What Are Insulated Sandwich Panels?

Insulated Sandwich Panels (ISP) have been used for commercial construction in Australia for the past 50 years. Insulated Sandwich Panels (ISP) are made when three separate elements are “sandwiched together” to form one structure, see Diagram 1. The combined properties of the high tensile and compressive strength of the outer steel skins and the high shear strength of the inner core leads to a building material which has a much longer spanning capacity and is lighter in weight than traditional building materials.

Diagram 1

The most common cores used in Insulated Sandwich Panel (ISP) construction are Expanded Polystyrene (EPS), Polyurethane Foam (PUR), Polyisocyanurate Foam (PIR) and Mineral Wool (MRF) or Rock Fibre.

  EPS Expanded Polystyrene PIR Polyisocyanurate  
EPS-FR Expanded Polystyrene Fire Resistant MRF Mineral Fibre
XPS Extruded Polystyrene SPS EPS Phenolic Hybird (Syntactic)

PUR panel has not been extensively manufactured or used in Australia.

EPS is manufactured from styrene monomer, using a polymerisation process which produces translucent spherical beads of polystyrene, about the size of sugar granules.  During this process a low boiling point hydrocarbon, usually pentane gas, is added to the material to assist expansion during subsequent processing.The flame retardant predominately used for expanded polystyrene is hexabromocyclododecane (HBCD). HBCD is added during the polymerisation process and is retained within the polymer matrix.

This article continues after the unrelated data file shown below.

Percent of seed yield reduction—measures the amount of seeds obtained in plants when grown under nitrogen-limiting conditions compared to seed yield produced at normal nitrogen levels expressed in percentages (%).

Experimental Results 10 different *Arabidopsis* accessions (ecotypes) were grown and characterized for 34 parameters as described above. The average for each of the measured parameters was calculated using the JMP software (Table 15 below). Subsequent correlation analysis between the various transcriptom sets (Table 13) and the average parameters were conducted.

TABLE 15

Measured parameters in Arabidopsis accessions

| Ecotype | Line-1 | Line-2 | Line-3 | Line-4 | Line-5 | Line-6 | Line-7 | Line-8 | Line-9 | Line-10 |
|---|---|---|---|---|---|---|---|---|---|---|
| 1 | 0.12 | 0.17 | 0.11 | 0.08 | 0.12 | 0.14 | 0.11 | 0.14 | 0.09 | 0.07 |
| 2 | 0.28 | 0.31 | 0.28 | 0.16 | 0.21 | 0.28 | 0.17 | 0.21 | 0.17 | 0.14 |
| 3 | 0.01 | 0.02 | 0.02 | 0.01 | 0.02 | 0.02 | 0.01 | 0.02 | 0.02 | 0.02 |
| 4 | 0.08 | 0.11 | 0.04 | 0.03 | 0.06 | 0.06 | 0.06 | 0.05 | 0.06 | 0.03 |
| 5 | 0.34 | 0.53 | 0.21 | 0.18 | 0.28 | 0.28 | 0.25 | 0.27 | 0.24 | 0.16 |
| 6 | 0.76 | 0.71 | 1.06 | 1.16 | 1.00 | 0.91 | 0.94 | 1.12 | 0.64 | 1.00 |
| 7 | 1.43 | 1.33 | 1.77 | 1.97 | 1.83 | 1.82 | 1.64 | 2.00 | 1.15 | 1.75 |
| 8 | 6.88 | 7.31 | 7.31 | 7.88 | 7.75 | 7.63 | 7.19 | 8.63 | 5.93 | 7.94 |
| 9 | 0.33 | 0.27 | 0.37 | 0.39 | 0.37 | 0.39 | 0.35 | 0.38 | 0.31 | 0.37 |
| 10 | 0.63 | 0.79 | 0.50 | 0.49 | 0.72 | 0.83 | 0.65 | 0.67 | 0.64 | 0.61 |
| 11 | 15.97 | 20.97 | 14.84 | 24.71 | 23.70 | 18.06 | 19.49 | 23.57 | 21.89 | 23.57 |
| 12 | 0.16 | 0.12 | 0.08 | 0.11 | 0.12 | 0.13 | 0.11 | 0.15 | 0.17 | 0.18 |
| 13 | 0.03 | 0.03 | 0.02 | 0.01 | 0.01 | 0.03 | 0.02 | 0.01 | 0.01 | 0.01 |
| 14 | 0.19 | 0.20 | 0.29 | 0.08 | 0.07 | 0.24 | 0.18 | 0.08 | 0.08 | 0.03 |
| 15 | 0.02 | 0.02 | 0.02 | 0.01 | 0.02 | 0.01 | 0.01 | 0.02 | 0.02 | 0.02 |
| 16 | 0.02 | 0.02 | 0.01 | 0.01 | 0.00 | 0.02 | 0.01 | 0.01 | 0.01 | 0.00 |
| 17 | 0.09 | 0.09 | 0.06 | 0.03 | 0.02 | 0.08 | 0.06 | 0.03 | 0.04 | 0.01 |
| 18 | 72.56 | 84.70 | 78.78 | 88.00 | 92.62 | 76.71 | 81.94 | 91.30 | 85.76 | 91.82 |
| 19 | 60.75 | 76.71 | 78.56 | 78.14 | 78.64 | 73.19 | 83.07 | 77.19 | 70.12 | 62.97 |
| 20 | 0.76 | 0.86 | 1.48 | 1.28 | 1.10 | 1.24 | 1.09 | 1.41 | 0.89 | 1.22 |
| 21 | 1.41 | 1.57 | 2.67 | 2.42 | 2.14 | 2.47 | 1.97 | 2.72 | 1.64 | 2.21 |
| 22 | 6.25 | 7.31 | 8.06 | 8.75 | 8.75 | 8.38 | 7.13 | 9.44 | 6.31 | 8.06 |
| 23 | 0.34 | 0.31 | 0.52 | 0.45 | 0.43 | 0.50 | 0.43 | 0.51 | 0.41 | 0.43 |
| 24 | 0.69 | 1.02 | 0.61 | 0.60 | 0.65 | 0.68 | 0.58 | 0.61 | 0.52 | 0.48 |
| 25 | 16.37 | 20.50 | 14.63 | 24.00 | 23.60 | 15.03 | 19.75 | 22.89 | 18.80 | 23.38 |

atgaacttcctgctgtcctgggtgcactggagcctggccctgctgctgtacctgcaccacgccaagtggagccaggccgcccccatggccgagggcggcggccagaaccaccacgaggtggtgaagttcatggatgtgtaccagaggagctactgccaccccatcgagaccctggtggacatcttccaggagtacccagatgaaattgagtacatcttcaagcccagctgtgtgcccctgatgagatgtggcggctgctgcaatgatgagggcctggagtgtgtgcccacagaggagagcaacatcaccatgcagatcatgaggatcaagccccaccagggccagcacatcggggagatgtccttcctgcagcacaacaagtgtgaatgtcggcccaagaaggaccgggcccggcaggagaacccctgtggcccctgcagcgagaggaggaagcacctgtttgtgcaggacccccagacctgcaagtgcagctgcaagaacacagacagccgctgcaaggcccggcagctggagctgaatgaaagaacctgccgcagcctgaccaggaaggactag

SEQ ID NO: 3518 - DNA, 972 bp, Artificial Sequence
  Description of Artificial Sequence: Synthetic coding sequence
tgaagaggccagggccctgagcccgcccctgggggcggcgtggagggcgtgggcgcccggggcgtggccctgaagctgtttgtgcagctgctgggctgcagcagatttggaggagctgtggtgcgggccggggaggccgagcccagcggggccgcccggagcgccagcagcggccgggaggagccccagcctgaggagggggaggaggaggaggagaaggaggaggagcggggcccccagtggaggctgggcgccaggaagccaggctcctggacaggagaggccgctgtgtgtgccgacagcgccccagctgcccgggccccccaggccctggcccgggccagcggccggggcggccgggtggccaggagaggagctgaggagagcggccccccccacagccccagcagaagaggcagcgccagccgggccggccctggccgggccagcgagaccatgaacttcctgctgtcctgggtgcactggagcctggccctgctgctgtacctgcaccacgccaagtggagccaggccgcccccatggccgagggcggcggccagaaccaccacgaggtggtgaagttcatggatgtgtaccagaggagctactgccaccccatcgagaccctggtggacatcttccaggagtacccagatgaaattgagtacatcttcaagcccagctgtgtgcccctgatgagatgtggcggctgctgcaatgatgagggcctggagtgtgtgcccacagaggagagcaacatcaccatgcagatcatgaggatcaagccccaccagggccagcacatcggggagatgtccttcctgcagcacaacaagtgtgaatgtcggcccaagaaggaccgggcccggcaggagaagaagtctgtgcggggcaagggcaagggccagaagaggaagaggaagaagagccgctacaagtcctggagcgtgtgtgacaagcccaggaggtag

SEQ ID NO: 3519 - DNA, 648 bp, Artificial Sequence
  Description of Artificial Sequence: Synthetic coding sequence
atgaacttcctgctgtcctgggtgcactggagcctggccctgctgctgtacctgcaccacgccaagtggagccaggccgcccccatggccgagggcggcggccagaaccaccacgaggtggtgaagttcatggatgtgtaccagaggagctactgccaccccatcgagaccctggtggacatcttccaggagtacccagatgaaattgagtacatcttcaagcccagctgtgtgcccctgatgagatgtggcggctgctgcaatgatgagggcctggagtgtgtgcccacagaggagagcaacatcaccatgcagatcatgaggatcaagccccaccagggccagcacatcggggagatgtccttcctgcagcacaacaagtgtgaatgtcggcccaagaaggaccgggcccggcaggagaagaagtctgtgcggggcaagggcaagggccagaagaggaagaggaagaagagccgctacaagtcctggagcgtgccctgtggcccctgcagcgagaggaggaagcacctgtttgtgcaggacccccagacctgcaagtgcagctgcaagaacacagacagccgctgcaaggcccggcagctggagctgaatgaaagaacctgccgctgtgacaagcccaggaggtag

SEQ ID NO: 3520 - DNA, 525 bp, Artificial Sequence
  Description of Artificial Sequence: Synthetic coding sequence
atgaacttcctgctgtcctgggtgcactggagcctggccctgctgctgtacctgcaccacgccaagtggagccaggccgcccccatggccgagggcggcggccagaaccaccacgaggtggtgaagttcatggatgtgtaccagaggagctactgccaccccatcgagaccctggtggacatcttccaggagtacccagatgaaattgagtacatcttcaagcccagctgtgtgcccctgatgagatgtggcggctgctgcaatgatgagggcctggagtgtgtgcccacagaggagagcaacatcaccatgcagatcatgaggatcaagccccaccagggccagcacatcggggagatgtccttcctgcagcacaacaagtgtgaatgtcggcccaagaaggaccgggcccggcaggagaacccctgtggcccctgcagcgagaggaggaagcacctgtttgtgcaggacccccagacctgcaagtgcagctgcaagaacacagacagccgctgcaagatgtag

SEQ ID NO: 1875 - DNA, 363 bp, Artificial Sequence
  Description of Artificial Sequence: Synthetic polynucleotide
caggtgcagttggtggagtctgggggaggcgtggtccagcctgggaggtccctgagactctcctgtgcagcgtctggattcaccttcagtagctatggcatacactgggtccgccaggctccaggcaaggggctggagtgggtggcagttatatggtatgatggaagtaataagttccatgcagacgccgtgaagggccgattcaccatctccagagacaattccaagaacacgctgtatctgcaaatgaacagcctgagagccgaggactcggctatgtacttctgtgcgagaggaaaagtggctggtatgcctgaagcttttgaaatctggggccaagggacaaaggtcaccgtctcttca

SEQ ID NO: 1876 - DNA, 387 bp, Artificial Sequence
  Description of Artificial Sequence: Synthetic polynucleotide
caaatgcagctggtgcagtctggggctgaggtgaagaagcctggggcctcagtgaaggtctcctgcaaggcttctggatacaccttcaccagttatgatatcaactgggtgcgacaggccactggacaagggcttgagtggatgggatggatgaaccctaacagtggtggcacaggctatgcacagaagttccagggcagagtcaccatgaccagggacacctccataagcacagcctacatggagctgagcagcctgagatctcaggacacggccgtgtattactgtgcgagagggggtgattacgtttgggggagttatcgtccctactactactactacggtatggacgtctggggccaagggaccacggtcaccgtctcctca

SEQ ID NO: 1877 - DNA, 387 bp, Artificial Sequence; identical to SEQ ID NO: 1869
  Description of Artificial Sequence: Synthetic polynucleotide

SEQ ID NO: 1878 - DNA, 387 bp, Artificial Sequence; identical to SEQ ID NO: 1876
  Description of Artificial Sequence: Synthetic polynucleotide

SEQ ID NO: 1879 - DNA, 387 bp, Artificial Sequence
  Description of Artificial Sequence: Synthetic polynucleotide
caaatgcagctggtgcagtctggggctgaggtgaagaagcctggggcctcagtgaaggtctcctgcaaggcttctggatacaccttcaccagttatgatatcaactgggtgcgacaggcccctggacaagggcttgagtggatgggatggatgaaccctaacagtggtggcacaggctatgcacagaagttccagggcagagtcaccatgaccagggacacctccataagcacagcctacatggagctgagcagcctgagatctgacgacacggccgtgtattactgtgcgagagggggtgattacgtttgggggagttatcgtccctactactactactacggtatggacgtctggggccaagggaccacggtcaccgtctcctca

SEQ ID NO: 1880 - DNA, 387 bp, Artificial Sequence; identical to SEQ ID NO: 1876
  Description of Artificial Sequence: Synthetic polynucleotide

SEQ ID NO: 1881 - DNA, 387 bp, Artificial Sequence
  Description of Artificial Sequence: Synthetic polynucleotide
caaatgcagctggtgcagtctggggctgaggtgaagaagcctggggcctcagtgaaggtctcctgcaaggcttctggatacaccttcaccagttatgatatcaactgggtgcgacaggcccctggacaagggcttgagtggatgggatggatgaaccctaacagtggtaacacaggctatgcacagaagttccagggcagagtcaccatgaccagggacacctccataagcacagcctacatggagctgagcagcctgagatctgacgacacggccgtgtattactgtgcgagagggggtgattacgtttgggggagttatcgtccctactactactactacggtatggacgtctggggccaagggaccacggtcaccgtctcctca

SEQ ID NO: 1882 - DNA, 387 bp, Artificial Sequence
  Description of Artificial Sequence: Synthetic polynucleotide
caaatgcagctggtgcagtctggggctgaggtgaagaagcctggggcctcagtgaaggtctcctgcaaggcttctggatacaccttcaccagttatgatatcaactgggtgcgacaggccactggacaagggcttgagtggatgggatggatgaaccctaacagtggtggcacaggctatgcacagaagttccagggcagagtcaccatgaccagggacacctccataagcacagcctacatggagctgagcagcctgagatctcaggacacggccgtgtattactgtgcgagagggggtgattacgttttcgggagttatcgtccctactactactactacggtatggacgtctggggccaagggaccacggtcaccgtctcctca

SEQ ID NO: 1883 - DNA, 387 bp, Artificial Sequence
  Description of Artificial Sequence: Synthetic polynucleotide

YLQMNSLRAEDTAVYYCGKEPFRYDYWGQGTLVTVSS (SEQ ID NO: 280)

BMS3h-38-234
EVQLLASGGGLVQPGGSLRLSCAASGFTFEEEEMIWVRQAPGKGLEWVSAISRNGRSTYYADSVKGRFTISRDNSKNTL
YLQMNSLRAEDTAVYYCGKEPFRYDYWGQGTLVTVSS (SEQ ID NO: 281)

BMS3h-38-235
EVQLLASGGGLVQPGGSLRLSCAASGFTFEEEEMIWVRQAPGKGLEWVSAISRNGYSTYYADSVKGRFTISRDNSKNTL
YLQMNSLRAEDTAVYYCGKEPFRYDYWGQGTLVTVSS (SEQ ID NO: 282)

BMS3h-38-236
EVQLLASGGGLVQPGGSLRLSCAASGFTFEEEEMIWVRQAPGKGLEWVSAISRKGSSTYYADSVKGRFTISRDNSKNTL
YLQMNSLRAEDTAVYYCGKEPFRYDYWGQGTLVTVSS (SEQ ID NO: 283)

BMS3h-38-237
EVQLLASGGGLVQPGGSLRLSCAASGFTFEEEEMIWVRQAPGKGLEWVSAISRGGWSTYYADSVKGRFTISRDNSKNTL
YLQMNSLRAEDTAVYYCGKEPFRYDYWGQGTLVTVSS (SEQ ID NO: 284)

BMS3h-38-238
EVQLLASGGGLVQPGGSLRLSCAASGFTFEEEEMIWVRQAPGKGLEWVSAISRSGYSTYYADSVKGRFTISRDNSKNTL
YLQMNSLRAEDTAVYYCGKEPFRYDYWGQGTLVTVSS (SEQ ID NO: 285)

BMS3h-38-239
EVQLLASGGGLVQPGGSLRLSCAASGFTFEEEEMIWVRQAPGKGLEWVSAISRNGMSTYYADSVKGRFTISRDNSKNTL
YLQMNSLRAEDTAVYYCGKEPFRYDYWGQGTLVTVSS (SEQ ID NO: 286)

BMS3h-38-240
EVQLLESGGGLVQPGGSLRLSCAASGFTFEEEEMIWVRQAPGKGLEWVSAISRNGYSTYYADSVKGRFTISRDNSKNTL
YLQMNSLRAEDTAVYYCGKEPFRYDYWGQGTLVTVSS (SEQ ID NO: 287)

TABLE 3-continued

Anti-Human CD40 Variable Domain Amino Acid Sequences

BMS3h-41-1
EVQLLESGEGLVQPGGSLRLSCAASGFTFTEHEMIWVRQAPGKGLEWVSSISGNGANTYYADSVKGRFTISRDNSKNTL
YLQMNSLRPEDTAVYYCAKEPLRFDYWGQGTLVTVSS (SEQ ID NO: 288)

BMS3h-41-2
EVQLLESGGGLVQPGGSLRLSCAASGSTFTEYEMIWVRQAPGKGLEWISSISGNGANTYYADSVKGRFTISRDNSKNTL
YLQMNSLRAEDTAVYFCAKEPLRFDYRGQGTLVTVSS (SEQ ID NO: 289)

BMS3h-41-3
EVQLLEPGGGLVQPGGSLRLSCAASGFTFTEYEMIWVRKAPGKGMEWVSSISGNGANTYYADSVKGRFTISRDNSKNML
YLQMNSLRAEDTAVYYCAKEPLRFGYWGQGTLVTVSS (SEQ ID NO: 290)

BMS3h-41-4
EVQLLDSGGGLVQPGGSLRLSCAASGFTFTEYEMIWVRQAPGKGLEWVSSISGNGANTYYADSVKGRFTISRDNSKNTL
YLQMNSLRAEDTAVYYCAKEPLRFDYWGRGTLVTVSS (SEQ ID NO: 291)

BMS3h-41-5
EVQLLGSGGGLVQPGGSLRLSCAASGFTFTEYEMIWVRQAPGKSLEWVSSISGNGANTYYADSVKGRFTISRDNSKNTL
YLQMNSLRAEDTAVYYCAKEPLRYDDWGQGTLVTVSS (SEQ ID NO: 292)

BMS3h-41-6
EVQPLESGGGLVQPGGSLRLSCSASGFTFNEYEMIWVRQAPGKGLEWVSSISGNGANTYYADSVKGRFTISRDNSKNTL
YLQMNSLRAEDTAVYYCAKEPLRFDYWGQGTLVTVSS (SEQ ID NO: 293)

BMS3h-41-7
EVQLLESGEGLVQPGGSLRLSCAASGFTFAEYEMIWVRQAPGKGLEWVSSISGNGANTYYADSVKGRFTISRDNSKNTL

PIR panels are produced by foam in place as opposed to drop in manufacturing processors.

Advantages of Insulated Sandwich Panels

Significantly reduces the amount of energy required to keep buildings within a comfortable temperature range.
Light weight, low maintenance, recyclable and reusable.
Uses the non ozone depleting insulants.
Steel skins can be made with between 10-30% recycled material.
Reduces landfill over standard framed construction methods.
Provides continuous insulation that reduces or eliminates thermal bridging.
Provides a consistent level of insulation that is impervious to compression, water vapour, vermin and rot.
Reduces air-leakage/infiltration rates.
Significantly shortens construction time.
The perceived disadvantage of ISP has been its performance in fires. The most common criticisms of ISP in fire conditions relate to the delaminating of the outer skins exposing the core, the structural ability of the Panels to stay in place and not collapse during a fire and fire spreading within the Panel. There have been improvements over time to ISP and addition of fire retardants, metal fixings, not using plastic fixings, etc. The objective of the Code of Practice ("the CODE") is to bring all of these improvements, and others in further research and testing, together into one system and industry CODE.